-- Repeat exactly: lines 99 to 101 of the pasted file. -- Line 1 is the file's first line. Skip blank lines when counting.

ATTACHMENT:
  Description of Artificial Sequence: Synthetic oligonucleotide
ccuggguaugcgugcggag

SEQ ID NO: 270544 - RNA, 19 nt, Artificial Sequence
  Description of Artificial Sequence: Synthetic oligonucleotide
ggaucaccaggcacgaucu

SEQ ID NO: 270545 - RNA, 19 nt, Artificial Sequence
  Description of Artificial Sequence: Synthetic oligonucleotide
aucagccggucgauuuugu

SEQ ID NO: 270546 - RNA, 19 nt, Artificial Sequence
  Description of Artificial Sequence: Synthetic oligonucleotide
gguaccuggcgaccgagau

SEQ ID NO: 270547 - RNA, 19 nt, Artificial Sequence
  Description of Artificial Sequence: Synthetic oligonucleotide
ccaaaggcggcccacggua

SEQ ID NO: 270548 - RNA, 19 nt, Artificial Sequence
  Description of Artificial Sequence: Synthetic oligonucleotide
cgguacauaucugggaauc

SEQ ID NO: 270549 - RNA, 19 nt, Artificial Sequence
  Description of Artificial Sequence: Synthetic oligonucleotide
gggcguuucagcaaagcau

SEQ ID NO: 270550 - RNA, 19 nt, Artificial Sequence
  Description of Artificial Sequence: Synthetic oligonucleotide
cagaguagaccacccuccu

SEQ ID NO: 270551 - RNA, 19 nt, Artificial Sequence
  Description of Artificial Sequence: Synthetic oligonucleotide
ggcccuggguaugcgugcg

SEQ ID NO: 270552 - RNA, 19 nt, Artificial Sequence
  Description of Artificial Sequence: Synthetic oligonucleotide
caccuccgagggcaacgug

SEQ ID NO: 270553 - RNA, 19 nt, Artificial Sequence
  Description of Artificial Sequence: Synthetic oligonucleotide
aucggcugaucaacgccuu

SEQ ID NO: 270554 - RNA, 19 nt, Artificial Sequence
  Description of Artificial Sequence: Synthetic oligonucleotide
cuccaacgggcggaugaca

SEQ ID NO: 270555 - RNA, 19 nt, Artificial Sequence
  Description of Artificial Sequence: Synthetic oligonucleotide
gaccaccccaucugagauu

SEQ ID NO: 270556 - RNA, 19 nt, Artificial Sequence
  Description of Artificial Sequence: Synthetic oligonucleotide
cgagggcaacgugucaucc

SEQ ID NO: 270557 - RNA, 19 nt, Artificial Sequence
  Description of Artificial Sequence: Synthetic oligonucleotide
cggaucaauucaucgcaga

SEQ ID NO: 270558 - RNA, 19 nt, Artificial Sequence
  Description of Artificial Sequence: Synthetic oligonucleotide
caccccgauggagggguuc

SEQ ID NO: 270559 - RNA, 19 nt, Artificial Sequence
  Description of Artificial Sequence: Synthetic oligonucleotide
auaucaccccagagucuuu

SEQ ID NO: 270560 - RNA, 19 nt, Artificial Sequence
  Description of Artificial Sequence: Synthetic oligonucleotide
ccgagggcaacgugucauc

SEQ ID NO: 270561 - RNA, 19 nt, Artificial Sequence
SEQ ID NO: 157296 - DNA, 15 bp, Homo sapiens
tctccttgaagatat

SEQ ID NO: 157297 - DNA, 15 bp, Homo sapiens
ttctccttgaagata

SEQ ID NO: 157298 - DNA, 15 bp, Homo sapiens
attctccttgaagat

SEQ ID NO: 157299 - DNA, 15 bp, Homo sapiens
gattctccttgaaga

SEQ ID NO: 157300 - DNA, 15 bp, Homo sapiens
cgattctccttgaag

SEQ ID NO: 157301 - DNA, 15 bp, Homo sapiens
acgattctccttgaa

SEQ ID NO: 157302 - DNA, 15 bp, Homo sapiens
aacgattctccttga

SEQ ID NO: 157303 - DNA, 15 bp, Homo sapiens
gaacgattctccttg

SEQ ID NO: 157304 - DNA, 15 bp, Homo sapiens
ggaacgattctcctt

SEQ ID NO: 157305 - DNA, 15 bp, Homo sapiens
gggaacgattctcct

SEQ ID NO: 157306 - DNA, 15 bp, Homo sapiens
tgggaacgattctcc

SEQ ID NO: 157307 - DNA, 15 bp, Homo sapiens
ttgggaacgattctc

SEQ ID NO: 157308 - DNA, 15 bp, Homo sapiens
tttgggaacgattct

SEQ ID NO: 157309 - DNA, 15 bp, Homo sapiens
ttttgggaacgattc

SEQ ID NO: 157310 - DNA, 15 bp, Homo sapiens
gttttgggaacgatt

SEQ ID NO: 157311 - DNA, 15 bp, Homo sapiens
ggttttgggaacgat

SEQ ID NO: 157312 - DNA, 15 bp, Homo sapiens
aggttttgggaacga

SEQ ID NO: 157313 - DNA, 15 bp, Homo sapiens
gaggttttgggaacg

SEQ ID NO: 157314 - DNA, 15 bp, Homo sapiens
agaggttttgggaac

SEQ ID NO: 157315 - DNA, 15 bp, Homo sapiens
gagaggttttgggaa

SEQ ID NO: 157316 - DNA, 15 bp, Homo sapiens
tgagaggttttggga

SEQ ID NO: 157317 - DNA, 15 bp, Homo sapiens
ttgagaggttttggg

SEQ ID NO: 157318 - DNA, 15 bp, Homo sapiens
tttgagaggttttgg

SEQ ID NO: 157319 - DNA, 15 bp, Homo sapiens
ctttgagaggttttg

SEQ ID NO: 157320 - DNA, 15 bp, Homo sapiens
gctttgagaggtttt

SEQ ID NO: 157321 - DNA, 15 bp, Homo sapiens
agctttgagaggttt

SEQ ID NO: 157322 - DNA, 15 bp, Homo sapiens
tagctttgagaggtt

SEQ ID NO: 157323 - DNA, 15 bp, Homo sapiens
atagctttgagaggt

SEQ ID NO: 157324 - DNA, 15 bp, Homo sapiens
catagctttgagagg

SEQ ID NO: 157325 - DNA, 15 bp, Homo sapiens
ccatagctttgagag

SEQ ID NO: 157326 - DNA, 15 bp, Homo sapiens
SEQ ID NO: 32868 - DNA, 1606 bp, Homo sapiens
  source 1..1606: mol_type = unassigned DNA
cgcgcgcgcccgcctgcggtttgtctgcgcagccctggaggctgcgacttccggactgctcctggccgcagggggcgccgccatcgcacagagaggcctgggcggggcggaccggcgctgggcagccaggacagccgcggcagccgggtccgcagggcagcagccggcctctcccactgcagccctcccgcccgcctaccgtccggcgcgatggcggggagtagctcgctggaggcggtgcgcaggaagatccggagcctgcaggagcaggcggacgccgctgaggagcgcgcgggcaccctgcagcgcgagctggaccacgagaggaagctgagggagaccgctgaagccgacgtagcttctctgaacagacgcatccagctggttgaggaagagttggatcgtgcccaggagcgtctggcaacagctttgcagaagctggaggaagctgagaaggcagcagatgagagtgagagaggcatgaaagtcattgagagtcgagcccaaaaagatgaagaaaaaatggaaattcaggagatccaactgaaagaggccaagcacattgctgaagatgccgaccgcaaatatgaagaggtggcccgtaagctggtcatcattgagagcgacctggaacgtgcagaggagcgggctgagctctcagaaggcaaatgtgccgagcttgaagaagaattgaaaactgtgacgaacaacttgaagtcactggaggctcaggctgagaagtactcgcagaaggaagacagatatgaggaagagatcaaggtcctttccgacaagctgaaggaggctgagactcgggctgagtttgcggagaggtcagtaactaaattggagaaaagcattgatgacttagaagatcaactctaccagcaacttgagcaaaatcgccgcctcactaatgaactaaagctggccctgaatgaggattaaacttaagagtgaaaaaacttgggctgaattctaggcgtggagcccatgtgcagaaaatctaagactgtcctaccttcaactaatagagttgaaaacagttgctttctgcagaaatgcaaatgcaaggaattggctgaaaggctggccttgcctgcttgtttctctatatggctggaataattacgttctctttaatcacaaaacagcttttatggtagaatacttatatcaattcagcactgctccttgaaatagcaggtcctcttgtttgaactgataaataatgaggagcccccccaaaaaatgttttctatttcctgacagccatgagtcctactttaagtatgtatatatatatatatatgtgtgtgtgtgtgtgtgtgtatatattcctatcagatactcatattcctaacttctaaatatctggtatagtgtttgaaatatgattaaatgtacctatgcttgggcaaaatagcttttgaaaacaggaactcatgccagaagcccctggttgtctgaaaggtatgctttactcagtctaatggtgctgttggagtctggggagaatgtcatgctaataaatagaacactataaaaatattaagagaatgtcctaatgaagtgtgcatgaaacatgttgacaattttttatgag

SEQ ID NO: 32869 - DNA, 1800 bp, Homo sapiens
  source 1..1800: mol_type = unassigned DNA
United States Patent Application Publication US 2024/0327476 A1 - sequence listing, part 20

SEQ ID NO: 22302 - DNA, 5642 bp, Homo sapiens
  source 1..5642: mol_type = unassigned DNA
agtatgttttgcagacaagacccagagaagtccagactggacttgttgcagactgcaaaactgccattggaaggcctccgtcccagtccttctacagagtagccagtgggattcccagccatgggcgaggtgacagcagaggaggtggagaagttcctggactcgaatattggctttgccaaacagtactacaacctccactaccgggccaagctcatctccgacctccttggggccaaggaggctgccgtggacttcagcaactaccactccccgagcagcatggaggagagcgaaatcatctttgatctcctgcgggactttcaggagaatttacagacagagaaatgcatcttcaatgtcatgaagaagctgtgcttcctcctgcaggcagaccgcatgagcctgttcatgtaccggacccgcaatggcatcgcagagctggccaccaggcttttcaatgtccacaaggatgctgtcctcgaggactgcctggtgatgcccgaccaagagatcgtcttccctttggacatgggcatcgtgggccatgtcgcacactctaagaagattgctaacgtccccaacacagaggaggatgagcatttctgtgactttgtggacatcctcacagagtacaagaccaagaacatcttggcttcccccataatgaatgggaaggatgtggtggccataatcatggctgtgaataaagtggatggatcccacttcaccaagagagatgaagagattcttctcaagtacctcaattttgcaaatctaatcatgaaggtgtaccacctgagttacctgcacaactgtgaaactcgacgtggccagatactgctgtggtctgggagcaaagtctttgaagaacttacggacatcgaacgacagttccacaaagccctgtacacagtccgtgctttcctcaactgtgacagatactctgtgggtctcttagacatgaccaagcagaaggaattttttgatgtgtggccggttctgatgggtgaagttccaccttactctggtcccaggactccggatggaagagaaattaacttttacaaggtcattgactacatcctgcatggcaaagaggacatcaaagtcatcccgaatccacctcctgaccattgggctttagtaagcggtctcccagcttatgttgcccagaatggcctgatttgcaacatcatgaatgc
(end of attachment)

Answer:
SEQ ID NO: 157318 - DNA, 15 bp, Homo sapiens
tttgagaggttttgg

SEQ ID NO: 157319 - DNA, 15 bp, Homo sapiens